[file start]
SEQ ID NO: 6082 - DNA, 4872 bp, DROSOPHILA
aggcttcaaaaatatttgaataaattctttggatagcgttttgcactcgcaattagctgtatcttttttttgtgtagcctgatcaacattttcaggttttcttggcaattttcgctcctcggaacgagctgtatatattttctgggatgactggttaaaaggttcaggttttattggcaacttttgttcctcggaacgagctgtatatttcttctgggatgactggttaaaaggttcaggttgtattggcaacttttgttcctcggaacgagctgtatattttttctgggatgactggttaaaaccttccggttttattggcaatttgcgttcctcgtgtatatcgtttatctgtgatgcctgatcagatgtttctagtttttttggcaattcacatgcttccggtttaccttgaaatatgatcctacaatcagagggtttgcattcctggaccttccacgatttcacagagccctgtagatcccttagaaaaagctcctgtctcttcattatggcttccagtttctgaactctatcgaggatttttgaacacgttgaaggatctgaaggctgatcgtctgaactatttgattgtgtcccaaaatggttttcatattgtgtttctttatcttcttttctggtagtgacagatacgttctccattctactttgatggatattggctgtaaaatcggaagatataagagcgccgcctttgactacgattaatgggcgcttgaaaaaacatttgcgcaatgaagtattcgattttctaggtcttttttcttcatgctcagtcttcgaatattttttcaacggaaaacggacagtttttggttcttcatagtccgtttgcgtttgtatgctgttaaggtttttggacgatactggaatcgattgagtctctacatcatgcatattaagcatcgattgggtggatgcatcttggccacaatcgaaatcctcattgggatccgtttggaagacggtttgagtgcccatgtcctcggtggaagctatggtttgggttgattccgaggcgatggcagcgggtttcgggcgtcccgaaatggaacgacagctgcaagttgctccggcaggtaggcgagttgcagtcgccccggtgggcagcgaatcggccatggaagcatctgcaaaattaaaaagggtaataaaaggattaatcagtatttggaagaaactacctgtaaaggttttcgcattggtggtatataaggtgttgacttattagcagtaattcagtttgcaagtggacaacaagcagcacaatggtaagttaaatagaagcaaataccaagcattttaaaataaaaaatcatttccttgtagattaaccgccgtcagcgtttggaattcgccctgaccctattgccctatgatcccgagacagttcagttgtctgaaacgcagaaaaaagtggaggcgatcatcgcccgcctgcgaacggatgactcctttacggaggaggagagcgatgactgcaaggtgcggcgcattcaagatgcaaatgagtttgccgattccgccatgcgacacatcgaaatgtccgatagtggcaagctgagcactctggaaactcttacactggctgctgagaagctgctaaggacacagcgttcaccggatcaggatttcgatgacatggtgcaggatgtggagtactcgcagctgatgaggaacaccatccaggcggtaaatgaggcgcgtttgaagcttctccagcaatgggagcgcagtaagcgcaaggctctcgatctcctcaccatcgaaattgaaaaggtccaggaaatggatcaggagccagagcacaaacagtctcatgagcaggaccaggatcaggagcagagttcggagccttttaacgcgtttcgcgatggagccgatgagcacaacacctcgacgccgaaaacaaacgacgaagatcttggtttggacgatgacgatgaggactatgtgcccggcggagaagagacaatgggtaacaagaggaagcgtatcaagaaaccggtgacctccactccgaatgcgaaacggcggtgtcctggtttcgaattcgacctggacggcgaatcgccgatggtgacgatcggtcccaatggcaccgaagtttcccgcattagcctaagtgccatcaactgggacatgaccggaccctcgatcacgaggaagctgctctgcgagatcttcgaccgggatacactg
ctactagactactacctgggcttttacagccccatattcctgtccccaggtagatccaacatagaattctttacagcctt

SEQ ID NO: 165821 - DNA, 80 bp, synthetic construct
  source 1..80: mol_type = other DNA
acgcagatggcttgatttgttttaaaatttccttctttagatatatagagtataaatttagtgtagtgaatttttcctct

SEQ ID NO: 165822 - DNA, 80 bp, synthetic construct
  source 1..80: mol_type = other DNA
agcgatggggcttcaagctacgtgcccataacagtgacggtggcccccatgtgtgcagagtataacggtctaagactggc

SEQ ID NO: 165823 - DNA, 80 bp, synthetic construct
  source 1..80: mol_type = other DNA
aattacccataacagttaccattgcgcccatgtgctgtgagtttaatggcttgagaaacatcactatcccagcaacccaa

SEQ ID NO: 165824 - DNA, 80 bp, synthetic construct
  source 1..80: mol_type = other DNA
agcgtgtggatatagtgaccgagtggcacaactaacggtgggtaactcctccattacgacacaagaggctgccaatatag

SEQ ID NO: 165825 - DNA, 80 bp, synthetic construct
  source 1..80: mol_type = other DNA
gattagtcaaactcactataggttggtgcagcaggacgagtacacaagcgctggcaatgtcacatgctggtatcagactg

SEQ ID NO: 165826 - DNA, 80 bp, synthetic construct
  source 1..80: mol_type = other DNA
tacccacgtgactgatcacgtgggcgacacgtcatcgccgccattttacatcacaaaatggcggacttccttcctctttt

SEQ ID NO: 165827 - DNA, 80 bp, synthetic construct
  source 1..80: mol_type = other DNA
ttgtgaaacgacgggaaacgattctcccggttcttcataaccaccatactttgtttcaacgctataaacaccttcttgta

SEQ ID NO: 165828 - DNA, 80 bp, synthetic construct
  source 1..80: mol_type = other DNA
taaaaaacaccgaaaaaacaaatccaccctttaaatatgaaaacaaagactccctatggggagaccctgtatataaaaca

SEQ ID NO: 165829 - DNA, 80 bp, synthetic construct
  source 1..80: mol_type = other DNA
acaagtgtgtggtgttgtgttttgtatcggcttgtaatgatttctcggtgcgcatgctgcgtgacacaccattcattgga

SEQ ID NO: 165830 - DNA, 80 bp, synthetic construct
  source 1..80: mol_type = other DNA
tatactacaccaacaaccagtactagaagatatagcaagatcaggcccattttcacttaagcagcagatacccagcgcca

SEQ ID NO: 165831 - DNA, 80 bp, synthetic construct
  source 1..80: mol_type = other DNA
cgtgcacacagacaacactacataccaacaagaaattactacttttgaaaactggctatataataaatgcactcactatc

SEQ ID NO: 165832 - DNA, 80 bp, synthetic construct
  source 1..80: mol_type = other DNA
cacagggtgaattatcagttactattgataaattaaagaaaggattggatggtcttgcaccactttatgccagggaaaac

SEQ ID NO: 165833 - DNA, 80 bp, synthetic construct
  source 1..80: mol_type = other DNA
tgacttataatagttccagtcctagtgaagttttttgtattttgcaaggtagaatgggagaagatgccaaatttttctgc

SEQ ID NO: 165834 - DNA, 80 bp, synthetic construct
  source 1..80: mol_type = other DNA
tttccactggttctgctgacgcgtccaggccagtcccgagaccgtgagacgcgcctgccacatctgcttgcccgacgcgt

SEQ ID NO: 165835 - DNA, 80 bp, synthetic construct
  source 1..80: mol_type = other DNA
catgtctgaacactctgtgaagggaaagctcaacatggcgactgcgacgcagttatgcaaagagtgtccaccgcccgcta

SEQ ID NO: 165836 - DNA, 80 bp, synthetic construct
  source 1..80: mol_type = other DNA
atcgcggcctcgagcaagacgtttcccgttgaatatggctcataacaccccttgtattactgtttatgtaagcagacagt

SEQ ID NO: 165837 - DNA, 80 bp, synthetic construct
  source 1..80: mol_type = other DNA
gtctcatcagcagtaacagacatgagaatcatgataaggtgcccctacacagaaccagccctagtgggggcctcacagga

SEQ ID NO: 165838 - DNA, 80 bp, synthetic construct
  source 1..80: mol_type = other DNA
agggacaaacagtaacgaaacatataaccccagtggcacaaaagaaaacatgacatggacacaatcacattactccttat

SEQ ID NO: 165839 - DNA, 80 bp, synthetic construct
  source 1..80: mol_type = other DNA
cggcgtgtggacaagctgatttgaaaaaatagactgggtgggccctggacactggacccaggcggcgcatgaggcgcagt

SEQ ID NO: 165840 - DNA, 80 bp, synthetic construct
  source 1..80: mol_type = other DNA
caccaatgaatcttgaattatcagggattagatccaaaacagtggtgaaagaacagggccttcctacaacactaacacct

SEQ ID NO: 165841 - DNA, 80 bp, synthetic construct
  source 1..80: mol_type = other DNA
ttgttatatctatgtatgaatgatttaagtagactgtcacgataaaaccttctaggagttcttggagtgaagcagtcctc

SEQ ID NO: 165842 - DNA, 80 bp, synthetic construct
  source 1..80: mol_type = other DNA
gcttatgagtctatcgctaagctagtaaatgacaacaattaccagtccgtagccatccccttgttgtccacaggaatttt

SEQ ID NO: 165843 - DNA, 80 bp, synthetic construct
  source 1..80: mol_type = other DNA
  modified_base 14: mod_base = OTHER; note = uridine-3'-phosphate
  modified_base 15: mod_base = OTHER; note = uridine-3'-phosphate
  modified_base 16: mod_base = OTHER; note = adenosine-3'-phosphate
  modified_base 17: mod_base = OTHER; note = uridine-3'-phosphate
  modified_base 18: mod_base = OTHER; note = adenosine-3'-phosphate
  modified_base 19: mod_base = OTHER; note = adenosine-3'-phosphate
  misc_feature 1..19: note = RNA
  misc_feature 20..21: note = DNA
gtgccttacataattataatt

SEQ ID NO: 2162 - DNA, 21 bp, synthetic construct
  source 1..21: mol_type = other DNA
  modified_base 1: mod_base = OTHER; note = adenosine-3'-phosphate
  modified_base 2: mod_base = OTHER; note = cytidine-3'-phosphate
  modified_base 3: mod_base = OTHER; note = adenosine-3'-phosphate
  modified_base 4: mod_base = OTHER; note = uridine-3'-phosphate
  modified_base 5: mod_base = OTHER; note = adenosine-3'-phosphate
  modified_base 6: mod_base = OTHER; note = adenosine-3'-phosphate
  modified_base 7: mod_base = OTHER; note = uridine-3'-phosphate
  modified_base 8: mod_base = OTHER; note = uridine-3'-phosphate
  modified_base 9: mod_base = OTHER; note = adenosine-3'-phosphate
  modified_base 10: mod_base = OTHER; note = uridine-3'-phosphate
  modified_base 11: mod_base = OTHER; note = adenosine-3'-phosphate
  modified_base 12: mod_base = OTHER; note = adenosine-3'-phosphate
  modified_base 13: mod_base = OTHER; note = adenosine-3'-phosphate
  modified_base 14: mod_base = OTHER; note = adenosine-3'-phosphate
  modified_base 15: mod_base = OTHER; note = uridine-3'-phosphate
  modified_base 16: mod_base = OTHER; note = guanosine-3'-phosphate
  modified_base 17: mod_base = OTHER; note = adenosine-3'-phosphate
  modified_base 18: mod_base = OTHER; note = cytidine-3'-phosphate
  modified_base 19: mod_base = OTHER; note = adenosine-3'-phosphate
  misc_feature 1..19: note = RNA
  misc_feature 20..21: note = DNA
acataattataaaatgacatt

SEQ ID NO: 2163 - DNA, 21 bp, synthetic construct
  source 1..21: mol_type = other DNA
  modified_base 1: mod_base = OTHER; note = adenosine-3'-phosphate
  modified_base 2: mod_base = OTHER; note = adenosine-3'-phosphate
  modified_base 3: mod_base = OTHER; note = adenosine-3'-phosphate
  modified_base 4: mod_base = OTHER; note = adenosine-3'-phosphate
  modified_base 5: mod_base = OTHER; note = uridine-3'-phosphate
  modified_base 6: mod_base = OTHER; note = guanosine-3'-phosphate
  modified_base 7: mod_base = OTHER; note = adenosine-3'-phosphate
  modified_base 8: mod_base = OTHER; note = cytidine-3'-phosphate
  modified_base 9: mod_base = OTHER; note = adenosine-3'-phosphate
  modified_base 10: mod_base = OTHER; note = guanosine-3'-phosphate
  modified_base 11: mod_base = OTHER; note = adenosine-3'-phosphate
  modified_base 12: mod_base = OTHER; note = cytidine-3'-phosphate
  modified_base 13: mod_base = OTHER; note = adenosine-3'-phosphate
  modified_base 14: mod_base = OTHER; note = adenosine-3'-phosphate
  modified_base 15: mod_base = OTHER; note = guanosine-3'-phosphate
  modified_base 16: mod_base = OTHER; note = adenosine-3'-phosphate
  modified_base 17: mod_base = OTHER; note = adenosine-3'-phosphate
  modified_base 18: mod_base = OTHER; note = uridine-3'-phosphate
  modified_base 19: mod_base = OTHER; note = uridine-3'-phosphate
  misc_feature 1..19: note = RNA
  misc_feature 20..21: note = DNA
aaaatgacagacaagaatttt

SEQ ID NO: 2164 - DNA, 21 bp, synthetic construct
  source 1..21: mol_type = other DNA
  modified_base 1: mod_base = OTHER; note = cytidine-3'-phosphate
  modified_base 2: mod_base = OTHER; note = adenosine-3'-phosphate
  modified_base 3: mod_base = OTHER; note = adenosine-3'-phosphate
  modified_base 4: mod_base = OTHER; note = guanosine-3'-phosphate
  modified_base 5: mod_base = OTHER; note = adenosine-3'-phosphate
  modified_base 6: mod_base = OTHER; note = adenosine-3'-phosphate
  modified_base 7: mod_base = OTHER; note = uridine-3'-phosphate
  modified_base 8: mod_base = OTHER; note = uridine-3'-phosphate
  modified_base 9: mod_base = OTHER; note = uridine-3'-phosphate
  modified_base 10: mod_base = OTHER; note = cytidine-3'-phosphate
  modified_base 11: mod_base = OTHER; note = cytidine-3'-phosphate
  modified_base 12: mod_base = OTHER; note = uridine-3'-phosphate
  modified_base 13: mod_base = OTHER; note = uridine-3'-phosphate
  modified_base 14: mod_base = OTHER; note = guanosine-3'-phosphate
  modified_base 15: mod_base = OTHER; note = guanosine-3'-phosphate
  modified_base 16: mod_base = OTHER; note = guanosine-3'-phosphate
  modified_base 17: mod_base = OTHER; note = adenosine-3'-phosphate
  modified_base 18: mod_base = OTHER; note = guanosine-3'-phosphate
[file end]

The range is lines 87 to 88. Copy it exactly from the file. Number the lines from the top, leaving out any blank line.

  modified_base 5: mod_base = OTHER; note = adenosine-3'-phosphate
  modified_base 6: mod_base = OTHER; note = adenosine-3'-phosphate